After spending most of Monday amid all the start-ups and hoopla at the technology pitch-fest known as TechCrunch50, it can take a bit to digest all that Web 2.0 wonderfulness. Everyone is waiting for the award ceremony to be held late West Coast time on Tuesday. A panel of tech celebrity judges, including Netscape founder and CEO Mark Andreesen and Digg CEO and founder Kevin Rose, pick the winner. Winners get $50,000, roughly $4 billion (yes, you read that right) worth of free online advertising, and probably a mountain of term sheets from amorous venture capitalists. (Update: The winner was RedBeacon, a company I mention below. Nice work, guys). But here's DailyFinance's own award ceremony, based on what I saw on Day 1.
Company Most Likely to Get Steamrollered/Bought by Google: Yext.com showed off a very nifty tool that uses voice recognition technology to transcribe and automatically categorize phone calls from potential customers to local merchants (gyms, mechanics, etc). This has been something of a Holy Grail for local advertising companies, as local merchants like calls and not clicks. Yext CEO, in response to a question from Google's Vice President of User Experience Marissa Mayer, compared his company's technology to Google Voice with its own automatic transcription technology. Oops. You got that right.
Best Smackdown of a TechCrunch50 Judge by Contestant: TheSwop.com. TheSwop is a site that aims to kickstart a barter market for professional services focused on start-ups, PR people, lawyers, designers and others servicing the small start-up space.
Here's how it went down: Roelof Botha, former chief financial officer of PayPal and partner at Sequoia Capital, said "I hate to tell you this but barter has been dead for 2,000 to 3,000 years." TheSwop.com CEO Jonathan Morriss responded, "That's odd.There is at present a $65 billion global marketplace in barter including dozens of Fortune 500 companies." (dead silence for several seconds afterwards). Whoa. Guess he's not going to get term sheet from Sequoia.
Best Disruptive Technology: Mota.com provides tools to make it much easier for used car owners and used car buyers to match up. It includes online access to inspection reports, mobile inspection services and national used car pricing data. Last time I checked, car dealers made huge profits off of used cars. The product could also totally disrupt companies like AutoNation that specifically make money by paying people a low price to buy used cars and selling them used cars at a higher price than those cars might fetch on the private market. As if these two types of companies didn't have enough problems with the recession and the severe cutbacks of the dealer ranks by U.S. car makers. The company tagline also took best in show: "Good Carma." Most excellent.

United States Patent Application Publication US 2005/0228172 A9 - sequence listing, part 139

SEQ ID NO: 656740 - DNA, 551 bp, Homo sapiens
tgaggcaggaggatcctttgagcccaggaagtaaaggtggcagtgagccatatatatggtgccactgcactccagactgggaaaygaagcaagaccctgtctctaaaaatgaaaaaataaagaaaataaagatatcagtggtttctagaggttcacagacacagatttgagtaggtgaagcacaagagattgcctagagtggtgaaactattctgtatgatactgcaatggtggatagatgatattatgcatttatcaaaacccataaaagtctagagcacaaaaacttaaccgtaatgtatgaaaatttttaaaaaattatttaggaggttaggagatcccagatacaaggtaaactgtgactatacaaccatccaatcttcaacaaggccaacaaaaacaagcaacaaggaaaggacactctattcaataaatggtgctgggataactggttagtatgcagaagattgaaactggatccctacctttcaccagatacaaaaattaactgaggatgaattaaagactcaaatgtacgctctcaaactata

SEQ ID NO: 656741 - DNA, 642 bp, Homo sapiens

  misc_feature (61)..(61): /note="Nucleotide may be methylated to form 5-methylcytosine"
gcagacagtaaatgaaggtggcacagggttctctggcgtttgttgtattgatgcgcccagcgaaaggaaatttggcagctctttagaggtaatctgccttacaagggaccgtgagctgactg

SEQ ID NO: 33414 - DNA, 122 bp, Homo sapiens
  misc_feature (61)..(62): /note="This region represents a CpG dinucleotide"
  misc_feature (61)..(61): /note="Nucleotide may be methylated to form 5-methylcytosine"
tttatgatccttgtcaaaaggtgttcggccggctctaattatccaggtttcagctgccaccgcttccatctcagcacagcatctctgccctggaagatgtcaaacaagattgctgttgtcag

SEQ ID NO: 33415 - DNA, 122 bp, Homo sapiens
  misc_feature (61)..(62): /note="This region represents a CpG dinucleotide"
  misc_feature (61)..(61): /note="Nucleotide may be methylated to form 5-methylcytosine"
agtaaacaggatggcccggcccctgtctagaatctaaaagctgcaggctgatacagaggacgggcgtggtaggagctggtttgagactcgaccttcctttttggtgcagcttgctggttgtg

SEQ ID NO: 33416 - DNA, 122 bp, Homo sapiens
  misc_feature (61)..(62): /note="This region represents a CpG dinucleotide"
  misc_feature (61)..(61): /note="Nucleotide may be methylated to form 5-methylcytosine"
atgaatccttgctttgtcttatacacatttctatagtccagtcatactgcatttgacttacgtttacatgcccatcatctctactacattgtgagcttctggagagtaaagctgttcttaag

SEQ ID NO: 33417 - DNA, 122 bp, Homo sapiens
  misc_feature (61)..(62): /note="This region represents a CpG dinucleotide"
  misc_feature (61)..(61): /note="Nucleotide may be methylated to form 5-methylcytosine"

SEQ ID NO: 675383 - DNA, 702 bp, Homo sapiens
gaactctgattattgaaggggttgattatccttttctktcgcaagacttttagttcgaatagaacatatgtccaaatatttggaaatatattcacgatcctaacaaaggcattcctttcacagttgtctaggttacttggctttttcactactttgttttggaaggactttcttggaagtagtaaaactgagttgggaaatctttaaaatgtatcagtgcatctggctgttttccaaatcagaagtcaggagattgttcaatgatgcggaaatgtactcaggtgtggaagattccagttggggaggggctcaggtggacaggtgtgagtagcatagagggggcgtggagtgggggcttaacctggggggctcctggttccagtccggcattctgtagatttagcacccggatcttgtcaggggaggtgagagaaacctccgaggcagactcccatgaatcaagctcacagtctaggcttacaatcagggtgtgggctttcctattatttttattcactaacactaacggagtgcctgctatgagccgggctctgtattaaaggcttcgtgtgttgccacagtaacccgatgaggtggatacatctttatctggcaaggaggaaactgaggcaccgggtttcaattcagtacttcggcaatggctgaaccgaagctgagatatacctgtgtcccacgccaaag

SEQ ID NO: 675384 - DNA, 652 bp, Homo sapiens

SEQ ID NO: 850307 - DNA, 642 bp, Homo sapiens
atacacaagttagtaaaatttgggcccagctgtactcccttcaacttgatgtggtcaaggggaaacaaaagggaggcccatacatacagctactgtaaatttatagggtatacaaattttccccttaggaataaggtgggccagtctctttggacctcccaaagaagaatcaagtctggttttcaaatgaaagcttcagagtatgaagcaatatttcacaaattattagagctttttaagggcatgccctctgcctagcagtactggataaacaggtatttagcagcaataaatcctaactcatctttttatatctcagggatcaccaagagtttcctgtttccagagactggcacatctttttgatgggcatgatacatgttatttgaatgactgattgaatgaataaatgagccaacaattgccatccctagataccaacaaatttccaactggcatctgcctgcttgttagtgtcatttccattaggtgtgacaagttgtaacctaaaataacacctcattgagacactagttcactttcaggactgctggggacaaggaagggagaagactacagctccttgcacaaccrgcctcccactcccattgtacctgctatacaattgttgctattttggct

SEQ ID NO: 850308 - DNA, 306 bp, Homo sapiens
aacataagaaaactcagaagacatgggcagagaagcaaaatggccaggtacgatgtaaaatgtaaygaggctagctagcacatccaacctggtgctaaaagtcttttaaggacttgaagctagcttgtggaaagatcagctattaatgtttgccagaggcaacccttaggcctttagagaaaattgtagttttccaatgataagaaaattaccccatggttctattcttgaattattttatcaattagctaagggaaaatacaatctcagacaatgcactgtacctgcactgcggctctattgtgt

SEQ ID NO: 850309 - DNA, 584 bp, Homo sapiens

Best Giveaways: RedBeacon aims to match up services and goods buyers with local providers. Customers can issue service requests and get bids back from providers. Think of it as a broader version of ServiceMagic with much better Web tools and no charge to vendors to sign up or to bid on jobs. The company CEO demoed how he had used the tool to put out a bid for red velvet cupcakes to be delivered to the show. The delivery caused a stir as hungry attendants scrambled for the goods. Y Combinator CEO Paul Graham couldn't hold out and was the first judge to scarf one, followed by Google's Marissa Mayer.
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